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Title: FIELD-SCALE EFFECTIVE MATRIX DIFFUSION COEFFICIENT FOR FRACTURED ROCK:RESULTS FROM LITERATURE SURVEY

Abstract

Matrix diffusion is an important mechanism for solute transport in fractured rock. We recently conducted a literature survey on the effective matrix diffusion coefficient, D{sub m}{sup e}, a key parameter for describing matrix diffusion processes at the field scale. Forty field tracer tests at 15 fractured geologic sites were surveyed and selected for the study, based on data availability and quality. Field-scale D{sub m}{sup e} values were calculated, either directly using data reported in the literature or by reanalyzing the corresponding field tracer tests. Surveyed data indicate that the effective-matrix-diffusion-coefficient factor F{sub D} (defined as the ratio of D{sub m}{sup e} to the lab-scale matrix diffusion coefficient [D{sub m}] of the same tracer) is generally larger than one, indicating that the effective matrix diffusion coefficient in the field is comparatively larger than the matrix diffusion coefficient at the rock-core scale. This larger value can be attributed to the many mass-transfer processes at different scales in naturally heterogeneous, fractured rock systems. Furthermore, we observed a moderate trend toward systematic increase in the F{sub D} value with observation scale, indicating that the effective matrix diffusion coefficient is likely to be statistically scale dependent. The F{sub D} value ranges from 1 to 10,000more » for observation scales from 5 to 2,000 m. At a given scale, the F{sub D} value varies by two orders of magnitude, reflecting the influence of differing degrees of fractured rock heterogeneity at different sites. In addition, the surveyed data indicate that field-scale longitudinal dispersivity generally increases with observation scale, which is consistent with previous studies. The scale-dependent field-scale matrix diffusion coefficient (and dispersivity) may have significant implications for assessing long-term, large-scale radionuclide and contaminant transport events in fractured rock, both for nuclear waste disposal and contaminant remediation.« less

Authors:
; ; ; ;
Publication Date:
Research Org.:
YMP (Yucca Mountain Project, Las Vegas, Nevada)
Sponsoring Org.:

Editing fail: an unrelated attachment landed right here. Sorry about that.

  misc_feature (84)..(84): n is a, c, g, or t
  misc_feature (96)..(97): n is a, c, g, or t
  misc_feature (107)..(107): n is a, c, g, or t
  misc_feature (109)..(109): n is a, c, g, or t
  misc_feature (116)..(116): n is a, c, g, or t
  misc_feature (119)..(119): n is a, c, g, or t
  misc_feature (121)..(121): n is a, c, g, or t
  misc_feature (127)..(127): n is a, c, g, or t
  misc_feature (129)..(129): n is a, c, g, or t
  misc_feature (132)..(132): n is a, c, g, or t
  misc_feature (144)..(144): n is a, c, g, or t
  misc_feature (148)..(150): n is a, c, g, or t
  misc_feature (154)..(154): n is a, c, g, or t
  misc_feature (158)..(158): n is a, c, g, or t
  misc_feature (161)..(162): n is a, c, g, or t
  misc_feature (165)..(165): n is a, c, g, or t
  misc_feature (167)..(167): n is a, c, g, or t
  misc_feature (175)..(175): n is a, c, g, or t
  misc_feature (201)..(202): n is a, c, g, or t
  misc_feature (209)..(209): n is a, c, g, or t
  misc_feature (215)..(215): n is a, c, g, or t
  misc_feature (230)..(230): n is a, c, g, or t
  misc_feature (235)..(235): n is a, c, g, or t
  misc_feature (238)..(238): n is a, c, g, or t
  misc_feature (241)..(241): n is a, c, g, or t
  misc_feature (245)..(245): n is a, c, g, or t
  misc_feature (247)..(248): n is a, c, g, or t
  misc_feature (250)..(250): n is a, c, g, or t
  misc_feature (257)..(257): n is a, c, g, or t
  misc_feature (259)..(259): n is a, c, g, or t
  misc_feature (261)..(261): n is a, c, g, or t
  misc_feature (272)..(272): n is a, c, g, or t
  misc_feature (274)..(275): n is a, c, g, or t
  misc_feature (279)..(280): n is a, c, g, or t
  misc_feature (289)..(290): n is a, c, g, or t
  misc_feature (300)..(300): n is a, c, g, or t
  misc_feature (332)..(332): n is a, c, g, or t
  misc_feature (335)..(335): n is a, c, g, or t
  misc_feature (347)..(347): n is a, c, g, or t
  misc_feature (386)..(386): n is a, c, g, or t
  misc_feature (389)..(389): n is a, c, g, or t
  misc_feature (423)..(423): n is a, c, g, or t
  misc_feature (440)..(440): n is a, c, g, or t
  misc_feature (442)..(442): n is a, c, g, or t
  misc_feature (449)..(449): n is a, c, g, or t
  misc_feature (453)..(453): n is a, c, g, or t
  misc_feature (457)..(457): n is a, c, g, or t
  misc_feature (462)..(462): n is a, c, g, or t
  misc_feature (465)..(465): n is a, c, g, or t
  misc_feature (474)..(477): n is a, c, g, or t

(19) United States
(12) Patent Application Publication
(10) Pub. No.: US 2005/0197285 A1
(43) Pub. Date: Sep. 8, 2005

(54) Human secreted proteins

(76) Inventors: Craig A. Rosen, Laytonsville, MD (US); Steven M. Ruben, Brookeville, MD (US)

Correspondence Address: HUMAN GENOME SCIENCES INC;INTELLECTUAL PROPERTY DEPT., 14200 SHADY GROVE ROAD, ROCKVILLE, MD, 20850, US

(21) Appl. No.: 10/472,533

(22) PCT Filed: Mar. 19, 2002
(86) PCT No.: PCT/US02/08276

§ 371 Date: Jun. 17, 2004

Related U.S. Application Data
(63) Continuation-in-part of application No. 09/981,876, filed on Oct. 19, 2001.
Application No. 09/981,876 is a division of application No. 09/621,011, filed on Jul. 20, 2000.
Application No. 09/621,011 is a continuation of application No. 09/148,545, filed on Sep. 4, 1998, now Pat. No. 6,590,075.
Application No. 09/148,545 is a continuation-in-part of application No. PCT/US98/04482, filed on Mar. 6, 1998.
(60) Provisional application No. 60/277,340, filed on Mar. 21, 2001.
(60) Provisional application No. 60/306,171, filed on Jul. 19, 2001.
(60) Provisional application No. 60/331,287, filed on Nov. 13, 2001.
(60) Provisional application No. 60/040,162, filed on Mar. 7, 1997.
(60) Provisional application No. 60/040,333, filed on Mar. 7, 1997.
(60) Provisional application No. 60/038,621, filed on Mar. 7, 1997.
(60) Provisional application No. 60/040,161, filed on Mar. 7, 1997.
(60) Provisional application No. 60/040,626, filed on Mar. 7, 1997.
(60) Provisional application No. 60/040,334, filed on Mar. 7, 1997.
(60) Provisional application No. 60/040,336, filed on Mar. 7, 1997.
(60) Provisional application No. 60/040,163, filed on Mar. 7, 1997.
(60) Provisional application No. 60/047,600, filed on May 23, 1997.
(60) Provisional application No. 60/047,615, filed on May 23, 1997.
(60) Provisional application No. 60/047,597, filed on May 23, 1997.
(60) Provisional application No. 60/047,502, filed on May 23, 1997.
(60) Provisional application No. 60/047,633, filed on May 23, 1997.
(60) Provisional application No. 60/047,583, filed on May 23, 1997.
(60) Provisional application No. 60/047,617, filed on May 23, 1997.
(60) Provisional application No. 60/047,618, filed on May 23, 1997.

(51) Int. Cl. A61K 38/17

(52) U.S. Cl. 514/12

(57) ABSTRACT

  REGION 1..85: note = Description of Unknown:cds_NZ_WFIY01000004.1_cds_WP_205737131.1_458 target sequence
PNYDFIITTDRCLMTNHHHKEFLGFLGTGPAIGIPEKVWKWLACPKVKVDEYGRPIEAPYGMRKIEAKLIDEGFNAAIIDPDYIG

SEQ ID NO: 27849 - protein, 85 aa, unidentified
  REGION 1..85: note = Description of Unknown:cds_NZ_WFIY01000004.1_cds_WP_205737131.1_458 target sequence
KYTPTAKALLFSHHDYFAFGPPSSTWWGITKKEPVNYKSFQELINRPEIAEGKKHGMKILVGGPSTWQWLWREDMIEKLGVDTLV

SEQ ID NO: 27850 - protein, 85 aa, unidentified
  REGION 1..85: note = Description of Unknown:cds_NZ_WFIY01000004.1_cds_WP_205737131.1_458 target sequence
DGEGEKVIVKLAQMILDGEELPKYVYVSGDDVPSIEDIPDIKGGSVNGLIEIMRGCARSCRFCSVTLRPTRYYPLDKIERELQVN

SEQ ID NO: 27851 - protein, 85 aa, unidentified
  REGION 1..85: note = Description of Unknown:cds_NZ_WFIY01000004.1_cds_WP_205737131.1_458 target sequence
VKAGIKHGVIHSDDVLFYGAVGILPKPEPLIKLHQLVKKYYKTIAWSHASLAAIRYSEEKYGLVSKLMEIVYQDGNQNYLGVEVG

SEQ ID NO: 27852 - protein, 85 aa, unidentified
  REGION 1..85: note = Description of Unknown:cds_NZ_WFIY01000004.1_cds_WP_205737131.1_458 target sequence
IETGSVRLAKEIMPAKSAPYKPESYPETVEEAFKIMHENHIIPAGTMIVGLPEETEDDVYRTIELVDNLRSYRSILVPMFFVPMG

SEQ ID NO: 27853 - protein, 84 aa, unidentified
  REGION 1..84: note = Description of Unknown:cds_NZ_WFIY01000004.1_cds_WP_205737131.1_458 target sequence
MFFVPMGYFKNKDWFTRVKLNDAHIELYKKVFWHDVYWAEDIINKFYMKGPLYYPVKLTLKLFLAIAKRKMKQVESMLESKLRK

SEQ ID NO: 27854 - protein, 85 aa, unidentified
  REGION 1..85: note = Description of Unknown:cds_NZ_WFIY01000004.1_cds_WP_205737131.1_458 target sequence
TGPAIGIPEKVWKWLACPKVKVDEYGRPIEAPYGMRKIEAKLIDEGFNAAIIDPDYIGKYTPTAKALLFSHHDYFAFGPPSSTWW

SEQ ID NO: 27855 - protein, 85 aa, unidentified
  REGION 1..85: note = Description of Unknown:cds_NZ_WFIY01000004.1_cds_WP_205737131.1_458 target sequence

USDOE
OSTI Identifier:
859193
Report Number(s):
NA
MOL.20050825.0205 DC#44360; TRN: US0600543
DOE Contract Number:  
NA
Resource Type:
Technical Report
Country of Publication:
United States
Language:
English
Subject:
12 MANAGEMENT OF RADIOACTIVE WASTES, AND NON-RADIOACTIVE WASTES FROM NUCLEAR FACILITIES; AVAILABILITY; DIFFUSION; MASS TRANSFER; RADIOACTIVE WASTES; RADIOISOTOPES; SOLUTES; TRANSPORT

Citation Formats

Q. Zhou, Hui-Hai Liu, F.J. Molz, Y. Zhang, and G.S. Bodvarsson. FIELD-SCALE EFFECTIVE MATRIX DIFFUSION COEFFICIENT FOR FRACTURED ROCK:RESULTS FROM LITERATURE SURVEY. United States: N. p., 2005. Web. doi:10.2172/859193.
Q. Zhou, Hui-Hai Liu, F.J. Molz, Y. Zhang, & G.S. Bodvarsson. FIELD-SCALE EFFECTIVE MATRIX DIFFUSION COEFFICIENT FOR FRACTURED ROCK:RESULTS FROM LITERATURE SURVEY. United States. doi:10.2172/859193.
Q. Zhou, Hui-Hai Liu, F.J. Molz, Y. Zhang, and G.S. Bodvarsson. Fri . "FIELD-SCALE EFFECTIVE MATRIX DIFFUSION COEFFICIENT FOR FRACTURED ROCK:RESULTS FROM LITERATURE SURVEY". United States. doi:10.2172/859193. https://www.osti.gov/servlets/purl/859193.
@article{osti_859193,
title = {FIELD-SCALE EFFECTIVE MATRIX DIFFUSION COEFFICIENT FOR FRACTURED ROCK:RESULTS FROM LITERATURE SURVEY},
author = {Q. Zhou and Hui-Hai Liu and F.J. Molz and Y. Zhang and G.S. Bodvarsson},
abstractNote = {Matrix diffusion is an important mechanism for solute transport in fractured rock. We recently conducted a literature survey on the effective matrix diffusion coefficient, D{sub m}{sup e}, a key parameter for describing matrix diffusion processes at the field scale. Forty field tracer tests at 15 fractured geologic sites were surveyed and selected for the study, based on data availability and quality. Field-scale D{sub m}{sup e} values were calculated, either directly using data reported in the literature or by reanalyzing the corresponding field tracer tests. Surveyed data indicate that the effective-matrix-diffusion-coefficient factor F{sub D} (defined as the ratio of D{sub m}{sup e} to the lab-scale matrix diffusion coefficient [D{sub m}] of the same tracer) is generally larger than one, indicating that the effective matrix diffusion coefficient in the field is comparatively larger than the matrix diffusion coefficient at the rock-core scale. This larger value can be attributed to the many mass-transfer processes at different scales in naturally heterogeneous, fractured rock systems. Furthermore, we observed a moderate trend toward systematic increase in the F{sub D} value with observation scale, indicating that the effective matrix diffusion coefficient is likely to be statistically scale dependent. The F{sub D} value ranges from 1 to 10,000 for observation scales from 5 to 2,000 m. At a given scale, the F{sub D} value varies by two orders of magnitude, reflecting the influence of differing degrees of fractured rock heterogeneity at different sites. In addition, the surveyed data indicate that field-scale longitudinal dispersivity generally increases with observation scale, which is consistent with previous studies. The scale-dependent field-scale matrix diffusion coefficient (and dispersivity) may have significant implications for assessing long-term, large-scale radionuclide and contaminant transport events in fractured rock, both for nuclear waste disposal and contaminant remediation.},
doi = {10.2172/859193},
journal = {},
number = ,
volume = ,
place = {United States},
year = {Fri Apr 08 00:00:00 EDT 2005},
month = {Fri Apr 08 00:00:00 EDT 2005}
}

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